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Abundance, relative home range and species - habitat association of small mammal species in Nyerere National Park, Tanzania
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  • Aenea Saanya,
  • Rhodes Makundi,
  • Loth Mulungu,
  • Apia Massawe
Aenea Saanya
Sokoine University of Agriculture College of Forestry Wildlife and Tourism

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Rhodes Makundi
Sokoine University of Agriculture
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Loth Mulungu
Sokoine University of Agriculture Faculty of Agriculture
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Apia Massawe
Sokoine University of Agriculture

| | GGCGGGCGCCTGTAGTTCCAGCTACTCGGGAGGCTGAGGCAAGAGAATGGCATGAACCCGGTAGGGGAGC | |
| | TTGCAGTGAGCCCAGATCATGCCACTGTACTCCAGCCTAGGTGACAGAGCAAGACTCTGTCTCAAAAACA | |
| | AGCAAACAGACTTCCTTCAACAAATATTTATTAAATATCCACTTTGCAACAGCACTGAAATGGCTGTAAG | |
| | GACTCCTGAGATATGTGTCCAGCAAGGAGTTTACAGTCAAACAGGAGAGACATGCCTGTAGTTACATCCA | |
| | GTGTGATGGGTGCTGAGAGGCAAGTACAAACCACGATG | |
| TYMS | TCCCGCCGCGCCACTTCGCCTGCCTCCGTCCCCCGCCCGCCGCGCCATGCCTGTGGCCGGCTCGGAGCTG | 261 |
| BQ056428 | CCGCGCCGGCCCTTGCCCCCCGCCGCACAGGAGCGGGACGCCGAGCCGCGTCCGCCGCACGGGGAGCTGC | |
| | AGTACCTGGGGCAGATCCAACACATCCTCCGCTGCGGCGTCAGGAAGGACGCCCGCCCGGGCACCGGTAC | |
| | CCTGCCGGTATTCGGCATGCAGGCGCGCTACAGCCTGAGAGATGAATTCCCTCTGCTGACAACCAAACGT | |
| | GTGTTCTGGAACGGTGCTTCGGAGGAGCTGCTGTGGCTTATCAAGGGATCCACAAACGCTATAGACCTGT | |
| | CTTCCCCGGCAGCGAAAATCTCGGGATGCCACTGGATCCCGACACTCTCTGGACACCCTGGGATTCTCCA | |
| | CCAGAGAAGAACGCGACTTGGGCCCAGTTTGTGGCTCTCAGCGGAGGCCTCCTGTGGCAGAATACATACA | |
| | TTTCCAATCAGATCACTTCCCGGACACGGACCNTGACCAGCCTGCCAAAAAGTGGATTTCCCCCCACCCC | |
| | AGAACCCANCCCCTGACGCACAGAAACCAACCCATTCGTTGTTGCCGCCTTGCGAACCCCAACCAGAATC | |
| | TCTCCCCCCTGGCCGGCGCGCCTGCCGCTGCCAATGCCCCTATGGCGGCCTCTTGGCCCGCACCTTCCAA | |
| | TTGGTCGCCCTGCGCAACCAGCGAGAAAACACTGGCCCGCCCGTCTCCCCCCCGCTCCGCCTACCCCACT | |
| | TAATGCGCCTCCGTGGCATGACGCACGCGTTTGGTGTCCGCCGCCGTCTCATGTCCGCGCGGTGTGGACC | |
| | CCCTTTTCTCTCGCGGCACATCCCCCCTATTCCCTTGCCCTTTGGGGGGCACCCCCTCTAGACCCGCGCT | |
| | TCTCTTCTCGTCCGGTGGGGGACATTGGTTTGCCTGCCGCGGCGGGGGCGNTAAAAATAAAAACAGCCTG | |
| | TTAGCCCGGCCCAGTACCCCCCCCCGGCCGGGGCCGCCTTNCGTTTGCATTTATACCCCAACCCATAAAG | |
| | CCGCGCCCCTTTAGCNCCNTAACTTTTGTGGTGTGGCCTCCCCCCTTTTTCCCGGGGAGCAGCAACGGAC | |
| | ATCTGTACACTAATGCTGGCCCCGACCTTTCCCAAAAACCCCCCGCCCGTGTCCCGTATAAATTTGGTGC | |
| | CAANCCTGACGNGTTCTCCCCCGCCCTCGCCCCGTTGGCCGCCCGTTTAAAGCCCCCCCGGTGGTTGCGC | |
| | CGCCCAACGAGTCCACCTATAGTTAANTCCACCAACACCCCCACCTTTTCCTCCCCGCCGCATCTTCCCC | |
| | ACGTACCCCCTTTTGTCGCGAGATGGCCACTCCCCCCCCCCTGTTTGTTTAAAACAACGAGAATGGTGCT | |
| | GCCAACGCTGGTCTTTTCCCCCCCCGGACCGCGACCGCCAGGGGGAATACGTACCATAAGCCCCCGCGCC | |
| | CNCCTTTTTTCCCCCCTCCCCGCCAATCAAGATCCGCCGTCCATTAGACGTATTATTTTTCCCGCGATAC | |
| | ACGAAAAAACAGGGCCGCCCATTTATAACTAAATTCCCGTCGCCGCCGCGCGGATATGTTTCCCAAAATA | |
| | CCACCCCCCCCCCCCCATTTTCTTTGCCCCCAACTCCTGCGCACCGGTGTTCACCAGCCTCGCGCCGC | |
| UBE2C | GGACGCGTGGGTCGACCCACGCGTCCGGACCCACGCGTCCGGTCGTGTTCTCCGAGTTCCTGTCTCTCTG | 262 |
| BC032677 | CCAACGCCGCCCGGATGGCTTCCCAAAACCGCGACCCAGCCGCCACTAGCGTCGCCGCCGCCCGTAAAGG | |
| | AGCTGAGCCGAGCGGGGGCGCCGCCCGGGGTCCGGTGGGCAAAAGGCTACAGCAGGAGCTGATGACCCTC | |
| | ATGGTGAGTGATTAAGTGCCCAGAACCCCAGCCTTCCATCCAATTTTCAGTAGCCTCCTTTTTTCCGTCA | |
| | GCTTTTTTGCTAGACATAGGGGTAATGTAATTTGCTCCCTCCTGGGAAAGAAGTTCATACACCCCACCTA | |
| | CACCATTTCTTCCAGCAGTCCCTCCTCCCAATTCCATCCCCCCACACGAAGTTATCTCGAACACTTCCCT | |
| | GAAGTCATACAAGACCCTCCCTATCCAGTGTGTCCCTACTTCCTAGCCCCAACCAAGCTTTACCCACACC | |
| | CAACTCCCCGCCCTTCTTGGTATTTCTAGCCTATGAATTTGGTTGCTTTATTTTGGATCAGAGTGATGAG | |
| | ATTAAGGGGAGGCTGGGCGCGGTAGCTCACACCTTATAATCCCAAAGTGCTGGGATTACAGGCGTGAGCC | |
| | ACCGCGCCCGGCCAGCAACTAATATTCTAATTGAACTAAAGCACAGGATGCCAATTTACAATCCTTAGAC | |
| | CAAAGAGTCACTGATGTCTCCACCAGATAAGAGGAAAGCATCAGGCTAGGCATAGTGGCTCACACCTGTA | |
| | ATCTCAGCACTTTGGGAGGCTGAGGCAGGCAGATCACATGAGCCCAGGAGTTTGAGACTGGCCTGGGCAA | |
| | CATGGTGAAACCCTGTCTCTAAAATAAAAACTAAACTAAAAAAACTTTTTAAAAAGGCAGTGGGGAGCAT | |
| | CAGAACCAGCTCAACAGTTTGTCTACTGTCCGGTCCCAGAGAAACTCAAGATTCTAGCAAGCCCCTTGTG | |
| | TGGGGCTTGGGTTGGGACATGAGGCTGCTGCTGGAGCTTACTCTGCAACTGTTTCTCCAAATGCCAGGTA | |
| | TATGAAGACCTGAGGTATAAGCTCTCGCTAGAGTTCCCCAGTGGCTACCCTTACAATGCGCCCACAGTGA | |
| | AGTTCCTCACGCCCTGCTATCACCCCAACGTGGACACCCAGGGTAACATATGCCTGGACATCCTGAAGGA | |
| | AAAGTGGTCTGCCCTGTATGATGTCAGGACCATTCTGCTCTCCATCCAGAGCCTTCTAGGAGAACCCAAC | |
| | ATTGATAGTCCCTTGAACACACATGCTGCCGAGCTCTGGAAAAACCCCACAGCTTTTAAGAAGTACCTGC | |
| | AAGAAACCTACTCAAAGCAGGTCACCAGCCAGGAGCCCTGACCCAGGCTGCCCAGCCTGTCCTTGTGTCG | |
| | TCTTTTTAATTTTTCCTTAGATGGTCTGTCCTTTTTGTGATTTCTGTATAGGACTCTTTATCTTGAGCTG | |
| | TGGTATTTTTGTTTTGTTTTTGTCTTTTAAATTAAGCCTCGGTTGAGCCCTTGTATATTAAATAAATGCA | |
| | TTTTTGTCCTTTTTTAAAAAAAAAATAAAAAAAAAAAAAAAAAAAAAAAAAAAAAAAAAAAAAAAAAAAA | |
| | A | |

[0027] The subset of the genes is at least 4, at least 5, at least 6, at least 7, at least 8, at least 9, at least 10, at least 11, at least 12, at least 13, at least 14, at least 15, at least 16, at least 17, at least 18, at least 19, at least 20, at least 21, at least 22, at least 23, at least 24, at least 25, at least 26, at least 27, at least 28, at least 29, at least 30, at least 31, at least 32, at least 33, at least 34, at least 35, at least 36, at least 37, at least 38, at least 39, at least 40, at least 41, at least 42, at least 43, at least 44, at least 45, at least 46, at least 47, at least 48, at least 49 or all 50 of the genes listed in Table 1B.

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Home ranges play an important role in the ecology of small mammals in understanding the driving factors for variations between species, including; mating patterns, foraging behavior and habitat use. We investigated the abundance, relative home ranges and species-habitat association of small mammal species in the Nyerere National Park. Two habitats; closed woodland and seasonal riverine forest were selected and in each habitat two grids of 70m x 70m were established. The Capture Mark Recapture technique was deployed. From July 2018 to June 2020 a total of 732 small mammal individuals belonging to 19 species were captured. Of the 19 species captured, 12 were rodents, 2 insectivores, 4 carnivores; and 1 primate. Acomys ngurui abundance was not statistically significant different between habitats (W = 220, df = 1, p = 0.144) and across seasons (F(2, 45) = 1.41, p = 0.2547)). While, Mastomys natalensis and Lemniscomys rosalia were statistically significant different (W = 407, p = 0.01 and W=430.5, p=0.002 respectively) between habitats and across seasons (F(2,45) = 4.352, p = 0.019 and F(2,45) = 6.321, p = 0.0038 respectively). Acomys ngurui had the largest mean home range size (1,087.58 m2) than L. rosalia (831.55 m2) and M. natalensis (166 m2) with overlaps being recorded in habitats and across seasons. Most small mammals were associated with seasonal riverine forest. We conclude that, small mammal species abundance and home ranges vary with habitats and seasons for individual species in the Nyerere National Park. We recommend to the management of the park to consider small mammals in their general management plan.